Tilghman History, Family Crest & Coats of Arms
- Origins Available:
The history of the name Tilghman dates back to the ancient Anglo-Saxon culture of Britain. It is derived from a member of the family who worked as a farmer or a maker of tiles. In the former case, the surname is derived from the Old English word tilman, which means husbandman or farmer.
Early Origins of the Tilghman family
The surname Tilghman was first found in Kent where they held a family seat anciently some say before the Norman Conquest in 1066.
Early History of the Tilghman family
This web page shows only a small excerpt of our Tilghman research. Another 45 words (3 lines of text) covering the years 1684, 1734 and 1684 are included under the topic Early Tilghman History in all our PDF Extended History products and printed products wherever possible.
Tilghman Spelling Variations
Only recently has spelling become standardized in the English language. As the English language evolved in the Middle Ages, the spelling of names changed also. The name Tilghman has undergone many spelling variations, including Tillman, Tilman, Tilmanstone, Tilghman, Tileman and others.
Early Notables of the Tilghman family (pre 1700)
Another 31 words (2 lines of text) are included under the topic Early Tilghman Notables in all our PDF Extended History products and printed products wherever possible.
Tilghman migration to the United States +
To escape the unstable social climate in England of this time, many families boarded ships for the New World with the hope of finding land, opportunity, and greater religious and political freedom. Although the voyages were expensive, crowded, and difficult, those families that arrived often found greater opportunities and freedoms than they could have experienced at home. Many of those families went on to make significant contributions to the rapidly developing colonies in which they settled. Early North American records indicate many people bearing the name Tilghman were among those contributors:
Tilghman Settlers in United States in the 17th Century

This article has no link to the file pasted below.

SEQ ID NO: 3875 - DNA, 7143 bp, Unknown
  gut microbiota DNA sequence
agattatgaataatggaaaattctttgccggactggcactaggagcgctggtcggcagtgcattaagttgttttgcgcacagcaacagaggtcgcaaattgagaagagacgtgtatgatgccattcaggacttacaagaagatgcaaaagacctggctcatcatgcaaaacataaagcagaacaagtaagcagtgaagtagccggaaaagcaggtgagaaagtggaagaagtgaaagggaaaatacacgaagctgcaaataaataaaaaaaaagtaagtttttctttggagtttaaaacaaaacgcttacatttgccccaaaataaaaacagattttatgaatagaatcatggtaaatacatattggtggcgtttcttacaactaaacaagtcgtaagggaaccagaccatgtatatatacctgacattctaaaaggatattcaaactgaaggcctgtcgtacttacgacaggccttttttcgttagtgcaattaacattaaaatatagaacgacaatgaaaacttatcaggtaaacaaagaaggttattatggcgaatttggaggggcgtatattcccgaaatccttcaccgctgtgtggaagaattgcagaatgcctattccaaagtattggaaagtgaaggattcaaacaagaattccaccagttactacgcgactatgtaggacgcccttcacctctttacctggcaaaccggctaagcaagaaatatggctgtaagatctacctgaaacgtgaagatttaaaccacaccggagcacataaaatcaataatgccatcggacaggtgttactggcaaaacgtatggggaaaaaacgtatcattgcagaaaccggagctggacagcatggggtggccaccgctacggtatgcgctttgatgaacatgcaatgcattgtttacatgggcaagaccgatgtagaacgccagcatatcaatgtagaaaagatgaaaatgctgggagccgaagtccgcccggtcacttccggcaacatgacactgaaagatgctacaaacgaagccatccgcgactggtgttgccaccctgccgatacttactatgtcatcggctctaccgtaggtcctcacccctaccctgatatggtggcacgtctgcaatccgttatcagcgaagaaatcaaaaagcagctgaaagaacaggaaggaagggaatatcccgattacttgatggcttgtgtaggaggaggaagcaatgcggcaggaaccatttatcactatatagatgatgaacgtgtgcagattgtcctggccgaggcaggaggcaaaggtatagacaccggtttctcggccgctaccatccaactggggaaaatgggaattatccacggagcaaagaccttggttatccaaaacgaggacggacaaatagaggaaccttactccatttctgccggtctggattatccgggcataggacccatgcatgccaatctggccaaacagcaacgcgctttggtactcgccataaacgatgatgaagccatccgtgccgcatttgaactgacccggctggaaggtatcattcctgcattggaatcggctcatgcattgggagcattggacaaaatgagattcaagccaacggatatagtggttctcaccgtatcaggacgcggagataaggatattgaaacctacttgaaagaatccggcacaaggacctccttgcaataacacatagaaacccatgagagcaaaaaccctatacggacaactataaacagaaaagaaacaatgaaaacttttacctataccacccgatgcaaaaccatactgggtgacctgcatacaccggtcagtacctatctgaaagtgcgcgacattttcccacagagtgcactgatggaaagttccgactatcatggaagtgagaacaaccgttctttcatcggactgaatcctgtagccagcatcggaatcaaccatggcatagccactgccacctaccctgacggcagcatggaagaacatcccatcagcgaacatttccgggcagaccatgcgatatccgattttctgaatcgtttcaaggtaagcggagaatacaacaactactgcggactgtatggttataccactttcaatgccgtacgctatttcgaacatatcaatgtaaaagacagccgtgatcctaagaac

- Richard Tilghman, who arrived in Maryland in 1657 
- Samuel Tilghman, who arrived in Maryland in 1657 
- Jane Tilghman, who arrived in Maryland in 1666 
- Jean Tilghman, who landed in Maryland in 1666 
- Elizabeth Tilghman, who landed in Maryland in 1667 
Tilghman Settlers in United States in the 19th Century
- William Tilghman, who landed in Philadelphia, Pennsylvania in 1801 
Contemporary Notables of the name Tilghman (post 1700) +
- General Lloyd Tilghman (1816-1863), American railroad construction engineer and a Confederate general in the American Civil War, killed at the Battle of Champion Hill
- Lieutenant Colonel Tench Tilghman (1744-1786), American officer in the Continental Army during the American Revolutionary war, aide de camp to General George Washington
- Matthew Tilghman (1718-1790), American planter and Revolutionary leader who served as a delegate to the Continental Congress from 1774 to 1776
- George Hammond Tilghman (1896-1943), American teacher who served as the headmaster at the Morristown School, New Jersey
- Shirley Marie Tilghman (b. 1946), American academic, President of Princeton University
- William Matthew "Bill" Tilghman (1854-1924), American lawman and gunslinger in the Old West, known for his apprehension of Bill Doolin gang and as a Member of The Three Guardsmen of Oklahoma
- Benjamin Chew Tilghman (1821-1901), American soldier and inventor of the process of sandblasting
- William Tilghman (1756-1827), American lawyer, jurist and statesman from Maryland
- Carl L. Tilghman, American politician, U.S. Attorney for the Eastern District of North Carolina, 1976-77 
- Barrie Parsons Tilghman, American Democrat politician, Mayor of Salisbury, Maryland, 1998-; Alternate Delegate to Democratic National Convention from Maryland, 2008 
- ... (Another 16 notables are available in all our PDF Extended History products and printed products wherever possible.)
Related Stories +
The Tilghman Motto +
The motto was originally a war cry or slogan. Mottoes first began to be shown with arms in the 14th and 15th centuries, but were not in general use until the 17th century. Thus the oldest coats of arms generally do not include a motto. Mottoes seldom form part of the grant of arms: Under most heraldic authorities, a motto is an optional component of the coat of arms, and can be added to or changed at will; many families have chosen not to display a motto.
Motto: Spes alit agricolam
Motto Translation: Hope nourishes the farmer.
- ^ Filby, P. William, Meyer, Mary K., Passenger and immigration lists index : a guide to published arrival records of about 500,000 passengers who came to the United States and Canada in the seventeenth, eighteenth, and nineteenth centuries. 1982-1985 Cumulated Supplements in Four Volumes Detroit, Mich. : Gale Research Co., 1985, Print (ISBN 0-8103-1795-8)
- ^ The Political Graveyard: Alphabetical Name Index. (Retrieved 2015, October 22) . Retrieved from http://politicalgraveyard.com/alpha/index.html